In September 2017, Kevin Davenport, PE with Simpson Strong-Tie gave a presentation on Code Provisions for Post-Installed Adhesive Anchors into Concrete for SE University. Kevin reviewed recent changes in ACI addressing adhesive anchors and the new requirements for design engineers, as well as new mandates for installation and inspections. Kevin also responded to a variety of audience questions in reference to adhesive anchors, and the topic of anchor installation near mis-drilled holes was addressed.
Recently, Simpson Strong-Tie conducted several laboratory tests on adhesive anchors in tension adjacent to abandoned holes. These tests helped to provide some guidelines for design engineers when dealing with unforeseen field conditions such as misdrilled or abandoned holes near tension anchors. Kevin provided this memorandum from Simpson StrongTie which summarizes the results of the testing, and also provided this blog post which further describes each anchor and situation that was tested in their ISO 17025-accredited anchor testing laboratory in Illinois. Using these spacing and reduction factor guidelines, engineers can more accurately consider the effects of misdrilled holes and make appropriate recommendations when field conditions are not as anticipated.
27 Oct / 2017
In September 2017, Kevin Davenport, PE, from Simpson Strong-Tie, gave a talk on Code Provisions for Post-Installed Adhesive Anchors into Concrete. He chose both the Hurricane Harvey Relief Fund through the Greater Houston Community Foundation (https://ghcf.org/hurricane-relief/) and the Red Cross – Hurricane Irma Relief Fund (www.redcross.org) for the SEU Speaker Inspires donation of the month.
Kevin shared why he chose to split the donation between these two organizations: “When SE University informed me of the opportunity to donate to a cause, it came right on the heels of two natural disasters that hit close to home and affected many of my co-workers. My company has been contributing both through donations as well as by way of sending volunteers down to affected areas to assist with the recovery effort. So the first thing that came to mind was to select a cause that would continue to support in the recovery efforts for those devastated by these events in TX and FL.”
Thank you, Kevin, for helping structural engineers with your SE University session, and for your designation of the Hurricane Harvey Relief Fund through the Greater Houston Community Foundation and the Red Cross – Hurricane Irma Relief Fund as our SEU Speaker Inspires Organizations of the Month!
26 Oct / 2017
In October 2017, Otto Schwarz, PE, SE, from Ryan Biggs | Clark Davis, gave a talk on Post-Tensioned Concrete Analysis and Design. He chose the Habitat for Humanity – Capital District (https://www.habitatcd.org/) for the SEU Speaker Inspires donation of the month.
Otto shared why he chose his local Habitat for Humanity: “I have been lucky enough to have the privilege of having a stable place to call home and the security of knowing that there was a place I could go to be safe and warm, and to prepare for each new day. This may not be the reason for my successes in life, but without it, I could have never made it this far. The ability to thrive and succeed in life requires a stable foundation on which to build, and many do not have that basic need satisfied. Habitat for Humanity fills this need for so many with the help of the work and donations of so many more.”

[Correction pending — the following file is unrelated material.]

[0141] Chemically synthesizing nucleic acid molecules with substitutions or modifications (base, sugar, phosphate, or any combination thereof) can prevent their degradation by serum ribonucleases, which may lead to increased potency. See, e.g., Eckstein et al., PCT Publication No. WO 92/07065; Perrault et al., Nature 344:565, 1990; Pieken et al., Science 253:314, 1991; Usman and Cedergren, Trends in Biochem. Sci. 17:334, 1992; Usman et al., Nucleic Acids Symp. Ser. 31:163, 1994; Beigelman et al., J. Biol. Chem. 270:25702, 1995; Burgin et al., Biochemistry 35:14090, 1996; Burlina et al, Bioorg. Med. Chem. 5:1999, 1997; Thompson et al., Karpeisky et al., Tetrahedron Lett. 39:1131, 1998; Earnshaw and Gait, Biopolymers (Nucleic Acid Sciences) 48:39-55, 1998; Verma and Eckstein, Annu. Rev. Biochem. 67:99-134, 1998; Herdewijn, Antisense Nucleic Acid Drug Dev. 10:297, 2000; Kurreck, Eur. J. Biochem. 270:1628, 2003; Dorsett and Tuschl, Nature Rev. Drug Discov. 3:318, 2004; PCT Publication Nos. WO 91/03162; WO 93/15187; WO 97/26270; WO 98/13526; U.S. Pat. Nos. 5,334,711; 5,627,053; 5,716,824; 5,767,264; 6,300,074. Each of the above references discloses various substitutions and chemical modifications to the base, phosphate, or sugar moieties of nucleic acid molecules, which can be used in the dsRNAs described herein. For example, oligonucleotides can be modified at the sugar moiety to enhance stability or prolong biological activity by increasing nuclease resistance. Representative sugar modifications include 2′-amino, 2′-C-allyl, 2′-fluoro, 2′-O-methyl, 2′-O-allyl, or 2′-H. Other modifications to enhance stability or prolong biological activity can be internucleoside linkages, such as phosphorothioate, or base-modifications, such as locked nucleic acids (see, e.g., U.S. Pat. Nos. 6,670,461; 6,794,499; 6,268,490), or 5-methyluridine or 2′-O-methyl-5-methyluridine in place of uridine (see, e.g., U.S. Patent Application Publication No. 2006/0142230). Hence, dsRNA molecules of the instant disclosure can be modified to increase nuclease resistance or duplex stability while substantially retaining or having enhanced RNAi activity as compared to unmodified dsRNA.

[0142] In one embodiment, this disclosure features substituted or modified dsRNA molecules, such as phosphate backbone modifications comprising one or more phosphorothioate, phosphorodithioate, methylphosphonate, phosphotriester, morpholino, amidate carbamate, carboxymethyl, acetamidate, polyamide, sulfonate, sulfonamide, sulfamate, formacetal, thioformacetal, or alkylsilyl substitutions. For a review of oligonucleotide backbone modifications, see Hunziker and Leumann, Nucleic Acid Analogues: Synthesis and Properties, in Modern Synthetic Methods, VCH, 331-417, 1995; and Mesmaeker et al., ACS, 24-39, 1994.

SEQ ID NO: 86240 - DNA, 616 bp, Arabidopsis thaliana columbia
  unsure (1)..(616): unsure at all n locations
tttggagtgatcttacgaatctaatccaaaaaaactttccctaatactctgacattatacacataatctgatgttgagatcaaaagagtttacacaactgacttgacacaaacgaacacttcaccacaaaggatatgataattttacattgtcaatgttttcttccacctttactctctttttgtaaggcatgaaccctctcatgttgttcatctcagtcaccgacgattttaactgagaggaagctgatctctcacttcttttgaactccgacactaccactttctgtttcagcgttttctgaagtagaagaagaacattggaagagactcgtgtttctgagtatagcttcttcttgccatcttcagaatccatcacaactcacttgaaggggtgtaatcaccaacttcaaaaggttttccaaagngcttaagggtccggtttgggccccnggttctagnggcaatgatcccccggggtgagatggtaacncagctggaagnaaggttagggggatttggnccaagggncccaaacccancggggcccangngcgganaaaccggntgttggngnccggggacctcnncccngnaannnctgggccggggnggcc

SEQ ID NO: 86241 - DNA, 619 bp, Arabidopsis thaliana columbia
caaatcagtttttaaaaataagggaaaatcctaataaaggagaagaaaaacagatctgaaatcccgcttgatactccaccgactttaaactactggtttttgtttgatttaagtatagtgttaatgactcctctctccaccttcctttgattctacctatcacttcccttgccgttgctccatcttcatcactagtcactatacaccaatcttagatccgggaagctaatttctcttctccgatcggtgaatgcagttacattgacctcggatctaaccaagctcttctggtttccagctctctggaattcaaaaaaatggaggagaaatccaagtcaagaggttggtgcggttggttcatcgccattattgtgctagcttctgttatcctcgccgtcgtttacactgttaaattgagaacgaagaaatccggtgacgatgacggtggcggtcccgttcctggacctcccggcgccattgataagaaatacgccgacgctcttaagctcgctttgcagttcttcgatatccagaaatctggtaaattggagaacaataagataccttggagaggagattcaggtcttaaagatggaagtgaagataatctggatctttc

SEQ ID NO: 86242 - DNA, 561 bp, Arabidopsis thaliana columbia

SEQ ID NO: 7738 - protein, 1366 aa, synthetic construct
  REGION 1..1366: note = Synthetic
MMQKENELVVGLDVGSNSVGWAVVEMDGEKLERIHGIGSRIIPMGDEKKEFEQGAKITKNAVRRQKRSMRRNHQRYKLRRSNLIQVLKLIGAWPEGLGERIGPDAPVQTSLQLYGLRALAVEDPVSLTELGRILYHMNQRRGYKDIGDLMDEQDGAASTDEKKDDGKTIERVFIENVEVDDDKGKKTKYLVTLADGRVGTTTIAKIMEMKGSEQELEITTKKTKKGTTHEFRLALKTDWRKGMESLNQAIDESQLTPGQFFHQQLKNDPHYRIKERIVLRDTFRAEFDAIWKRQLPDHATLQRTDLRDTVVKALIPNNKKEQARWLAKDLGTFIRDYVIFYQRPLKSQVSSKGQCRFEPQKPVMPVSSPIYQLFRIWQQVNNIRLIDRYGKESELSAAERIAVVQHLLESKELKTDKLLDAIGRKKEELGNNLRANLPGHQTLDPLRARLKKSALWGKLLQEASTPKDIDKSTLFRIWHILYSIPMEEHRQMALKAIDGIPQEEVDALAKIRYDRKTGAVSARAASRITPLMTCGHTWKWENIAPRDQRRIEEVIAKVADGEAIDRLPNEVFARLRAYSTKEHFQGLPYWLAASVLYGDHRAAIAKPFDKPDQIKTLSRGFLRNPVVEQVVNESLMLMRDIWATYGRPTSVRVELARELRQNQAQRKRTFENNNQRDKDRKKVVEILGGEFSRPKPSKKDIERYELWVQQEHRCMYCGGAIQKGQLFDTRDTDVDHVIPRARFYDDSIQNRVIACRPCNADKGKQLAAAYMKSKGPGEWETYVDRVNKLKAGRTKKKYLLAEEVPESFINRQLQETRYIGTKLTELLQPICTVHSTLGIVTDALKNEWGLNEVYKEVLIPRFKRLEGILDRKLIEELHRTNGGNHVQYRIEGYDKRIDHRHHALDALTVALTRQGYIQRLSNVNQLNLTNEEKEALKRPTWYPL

Thank you, Otto, for helping structural engineers with your SE University session, and for your designation of Habitat for Humanity – Capital District as our SEU Speaker Inspires Organizations of the Month!
25 Sep / 2017
SE Solutions was pleased to recently present scholarships to three Purdue University Structures students to help defray the cost of their education. Máté Opoldusz, William Pollalis, and April Wang were the recipients of the awards. This is the sixth year that SE Solutions has offered the scholarships.
Máté Opoldusz received his BS degree in civil engineering from Budapest University of Technology and Economics in Hungary. He completed his MS in Structural Engineering at Budapest University of Technology and Economics in June 2017, where he conducted research into the design method development of seismic resistant rocking structures. He received a Fulbright Scholarship for 2016-2017 academic year to pursue MSCE at Purdue and he is planning to graduate in December 2017. Máté is working as a Graduate Teaching Assistant for the reinforced concrete design class. Upon his graduation, he hopes to find work at a structural engineering firm near California doing building design.
William Pollalis received his BS in Civil engineering from Purdue and will be completing his MSCE this December (2017). He then plans to continue at Purdue, pursuing a PhD. He is currently conducting research on lap splices in reinforced concrete shear walls susceptible to seismic events.
April Y. Wang received her BS in Civil Engineering from Purdue in 2016, and will complete her MSCE at Purdue in May 2018. She is currently working as a graduate research assistant focusing on the behavior and design of concrete-filled composite plate shear walls (CF-CPSW) for use in high-rise buildings, a project sponsored by AISC and the Charles Pankow Foundation. As a high school student, April enjoyed how physics could explain observable phenomena, but wanted to apply physics to leave a lasting, beneficial impact on society. She was drawn to structural engineering because buildings and bridges are beautiful, lasting solutions to the needs of communities, and they can only exist due to the structure behind the aesthetic finishes. April hopes to join a structural engineering firm after graduation and create beautiful solutions.
SE Solutions would like to congratulate each recipient and wish them future success in their fields of study as structural engineers.